Philadelphia Eagles

Philadelphia Eagles: Leonard Weaver Apologizes for Slavery Comparison

Bob CunninghamSenior Analyst IMarch 23, 2011

It was bound to come sooner or later, but since he's already been chastised for the comments comparing what NFL players are going through to slavery, it's hard to know if Leonard Weaver's apology is sincere or simply a public relations move, but it did come rather quickly.

Wednesday morning, Weaver took to Twitter in an attempt to explain himself.

"Now, that I have seen it, I will say that it was hard for me to watch and after thinking about it, I've come to the conclusion that I represented my family, friends and organization the wrong way," Weaver tweeted.  "I'm sorry for those words I used and if I offend anyone, please forgive me. To all my fans whom I've disappointed I'm sorry."

The initial comments surprised me because of the way Weaver usually carries himself, but I suppose he deserves the benefit of the doubt. It's entirely possible that, during the conversation, he simply got caught up in what he was talking about and said something he didn't really mean.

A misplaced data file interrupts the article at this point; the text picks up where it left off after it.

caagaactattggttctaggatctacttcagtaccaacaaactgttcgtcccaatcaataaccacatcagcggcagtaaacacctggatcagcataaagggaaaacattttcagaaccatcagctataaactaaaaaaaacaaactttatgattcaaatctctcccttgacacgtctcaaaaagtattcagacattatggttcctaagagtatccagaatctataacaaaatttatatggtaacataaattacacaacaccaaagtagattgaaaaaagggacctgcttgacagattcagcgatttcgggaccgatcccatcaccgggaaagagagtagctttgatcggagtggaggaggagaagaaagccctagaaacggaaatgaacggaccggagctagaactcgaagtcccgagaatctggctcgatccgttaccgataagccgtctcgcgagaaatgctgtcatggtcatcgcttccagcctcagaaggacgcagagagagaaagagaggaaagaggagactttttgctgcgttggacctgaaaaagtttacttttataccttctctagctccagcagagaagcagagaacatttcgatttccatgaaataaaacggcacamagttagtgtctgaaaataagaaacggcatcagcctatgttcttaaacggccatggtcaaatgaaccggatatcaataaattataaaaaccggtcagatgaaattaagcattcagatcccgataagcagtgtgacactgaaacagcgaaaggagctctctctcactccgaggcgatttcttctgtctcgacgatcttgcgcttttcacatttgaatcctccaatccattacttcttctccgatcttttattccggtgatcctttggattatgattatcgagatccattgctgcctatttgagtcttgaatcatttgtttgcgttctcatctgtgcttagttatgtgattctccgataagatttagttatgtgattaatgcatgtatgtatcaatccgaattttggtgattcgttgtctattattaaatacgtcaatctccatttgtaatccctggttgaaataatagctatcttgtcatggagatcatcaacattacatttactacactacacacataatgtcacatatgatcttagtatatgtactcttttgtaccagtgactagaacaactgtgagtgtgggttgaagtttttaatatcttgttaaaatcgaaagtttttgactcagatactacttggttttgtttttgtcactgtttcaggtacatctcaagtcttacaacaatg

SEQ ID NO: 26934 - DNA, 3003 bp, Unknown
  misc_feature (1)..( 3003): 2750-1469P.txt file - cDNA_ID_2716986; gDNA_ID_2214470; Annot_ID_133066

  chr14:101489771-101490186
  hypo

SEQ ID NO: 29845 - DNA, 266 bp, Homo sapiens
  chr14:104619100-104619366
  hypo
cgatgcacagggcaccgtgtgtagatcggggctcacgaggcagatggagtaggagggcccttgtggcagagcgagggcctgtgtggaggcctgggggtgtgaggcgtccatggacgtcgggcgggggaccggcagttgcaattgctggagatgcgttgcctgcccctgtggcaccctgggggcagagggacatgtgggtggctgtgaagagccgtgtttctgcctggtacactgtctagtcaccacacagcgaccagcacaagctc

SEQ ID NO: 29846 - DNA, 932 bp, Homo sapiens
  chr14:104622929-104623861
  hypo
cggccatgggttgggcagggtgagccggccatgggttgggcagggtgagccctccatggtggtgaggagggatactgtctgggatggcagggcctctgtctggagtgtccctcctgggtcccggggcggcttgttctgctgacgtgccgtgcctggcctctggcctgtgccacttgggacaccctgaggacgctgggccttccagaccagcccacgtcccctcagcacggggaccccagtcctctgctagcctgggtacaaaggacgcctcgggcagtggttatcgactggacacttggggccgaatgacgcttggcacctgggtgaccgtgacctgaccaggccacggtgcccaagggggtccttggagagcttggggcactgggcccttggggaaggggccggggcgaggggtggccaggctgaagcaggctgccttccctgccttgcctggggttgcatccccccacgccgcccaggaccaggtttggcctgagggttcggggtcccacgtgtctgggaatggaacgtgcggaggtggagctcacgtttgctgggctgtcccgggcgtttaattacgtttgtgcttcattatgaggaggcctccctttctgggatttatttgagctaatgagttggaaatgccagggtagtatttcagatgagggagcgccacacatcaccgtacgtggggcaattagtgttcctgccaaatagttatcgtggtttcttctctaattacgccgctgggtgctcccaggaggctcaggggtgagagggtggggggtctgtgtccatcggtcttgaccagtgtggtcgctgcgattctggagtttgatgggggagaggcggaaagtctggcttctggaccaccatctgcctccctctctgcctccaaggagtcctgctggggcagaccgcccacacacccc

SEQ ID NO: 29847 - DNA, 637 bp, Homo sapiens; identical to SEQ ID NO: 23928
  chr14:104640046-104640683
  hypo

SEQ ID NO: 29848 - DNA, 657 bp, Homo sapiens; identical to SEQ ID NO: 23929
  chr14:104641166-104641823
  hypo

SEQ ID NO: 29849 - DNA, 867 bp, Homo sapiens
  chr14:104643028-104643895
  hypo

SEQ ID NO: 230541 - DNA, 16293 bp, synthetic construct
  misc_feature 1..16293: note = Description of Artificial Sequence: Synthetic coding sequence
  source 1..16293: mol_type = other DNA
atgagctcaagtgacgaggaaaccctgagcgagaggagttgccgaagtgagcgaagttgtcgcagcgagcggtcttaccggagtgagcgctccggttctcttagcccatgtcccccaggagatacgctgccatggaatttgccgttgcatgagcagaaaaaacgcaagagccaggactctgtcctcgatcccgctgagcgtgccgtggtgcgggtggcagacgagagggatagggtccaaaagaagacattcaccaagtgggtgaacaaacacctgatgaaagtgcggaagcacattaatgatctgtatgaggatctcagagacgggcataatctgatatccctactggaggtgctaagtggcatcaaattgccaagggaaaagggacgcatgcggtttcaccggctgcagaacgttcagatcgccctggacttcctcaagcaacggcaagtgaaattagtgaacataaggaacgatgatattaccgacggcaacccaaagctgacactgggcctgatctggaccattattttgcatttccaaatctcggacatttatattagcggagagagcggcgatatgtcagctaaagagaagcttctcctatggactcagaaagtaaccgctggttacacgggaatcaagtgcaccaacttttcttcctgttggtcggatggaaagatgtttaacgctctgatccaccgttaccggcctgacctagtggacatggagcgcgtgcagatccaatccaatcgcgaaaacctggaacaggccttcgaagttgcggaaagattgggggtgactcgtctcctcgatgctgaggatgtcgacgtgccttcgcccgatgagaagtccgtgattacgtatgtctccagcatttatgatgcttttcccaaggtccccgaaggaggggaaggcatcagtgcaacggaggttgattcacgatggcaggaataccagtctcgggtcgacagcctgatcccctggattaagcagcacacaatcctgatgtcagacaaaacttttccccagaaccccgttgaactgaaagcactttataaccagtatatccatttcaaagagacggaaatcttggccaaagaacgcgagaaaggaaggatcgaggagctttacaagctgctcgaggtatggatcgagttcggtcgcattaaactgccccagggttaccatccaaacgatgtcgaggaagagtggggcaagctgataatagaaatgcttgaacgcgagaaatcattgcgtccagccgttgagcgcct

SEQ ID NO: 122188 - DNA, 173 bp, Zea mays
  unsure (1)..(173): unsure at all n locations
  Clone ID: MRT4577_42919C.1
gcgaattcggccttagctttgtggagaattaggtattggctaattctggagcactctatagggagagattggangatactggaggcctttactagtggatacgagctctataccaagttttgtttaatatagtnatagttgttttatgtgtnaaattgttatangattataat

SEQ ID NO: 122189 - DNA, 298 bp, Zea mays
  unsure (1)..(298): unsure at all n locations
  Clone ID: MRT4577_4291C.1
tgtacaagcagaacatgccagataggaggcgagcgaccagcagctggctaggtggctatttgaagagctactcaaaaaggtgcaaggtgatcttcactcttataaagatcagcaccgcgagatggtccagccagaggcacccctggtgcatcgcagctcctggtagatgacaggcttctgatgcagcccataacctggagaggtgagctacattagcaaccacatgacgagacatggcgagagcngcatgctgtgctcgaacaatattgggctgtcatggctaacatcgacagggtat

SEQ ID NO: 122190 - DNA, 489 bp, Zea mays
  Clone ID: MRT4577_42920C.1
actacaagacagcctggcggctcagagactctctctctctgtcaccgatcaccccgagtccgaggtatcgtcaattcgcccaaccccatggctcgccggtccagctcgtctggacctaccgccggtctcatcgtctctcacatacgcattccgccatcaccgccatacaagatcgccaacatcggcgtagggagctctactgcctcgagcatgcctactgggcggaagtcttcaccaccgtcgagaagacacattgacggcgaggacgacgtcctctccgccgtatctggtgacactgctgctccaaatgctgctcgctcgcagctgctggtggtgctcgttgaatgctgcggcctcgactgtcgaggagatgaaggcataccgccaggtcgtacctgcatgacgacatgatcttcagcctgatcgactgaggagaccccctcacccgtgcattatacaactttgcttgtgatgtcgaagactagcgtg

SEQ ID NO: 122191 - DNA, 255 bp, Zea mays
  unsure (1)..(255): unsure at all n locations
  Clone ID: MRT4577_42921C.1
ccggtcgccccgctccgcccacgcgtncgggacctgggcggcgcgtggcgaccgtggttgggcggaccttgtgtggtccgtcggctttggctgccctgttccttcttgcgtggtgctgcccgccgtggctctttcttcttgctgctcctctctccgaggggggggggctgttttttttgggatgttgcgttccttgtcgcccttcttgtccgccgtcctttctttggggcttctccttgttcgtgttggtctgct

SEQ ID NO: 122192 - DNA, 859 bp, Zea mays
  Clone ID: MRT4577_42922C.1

If you've ever been on the radio, on TV or have given an interview where you know every word is being heard in live time and can be quoted forever, you understand how difficult it can be to think and talk at the same time.

Sometimes the situation leads to things you will really, really regret later.

"I came off the wrong way," Weaver tweeted, "but I want to explain myself. And I will..."

We look forward to hearing it.

Where can I comment?

Stay on your game

Latest news, insights, and forecasts on your teams across leagues.

Choose Teams
Get it on the App StoreGet it on Google Play

Real-time news for your teams right on your mobile device.

Copyright © 2017 Bleacher Report, Inc. Turner Broadcasting System, Inc. All Rights Reserved. is part of Bleacher Report – Turner Sports Network, part of the Turner Sports and Entertainment Network. Certain photos copyright © 2017 Getty Images. Any commercial use or distribution without the express written consent of Getty Images is strictly prohibited. AdChoices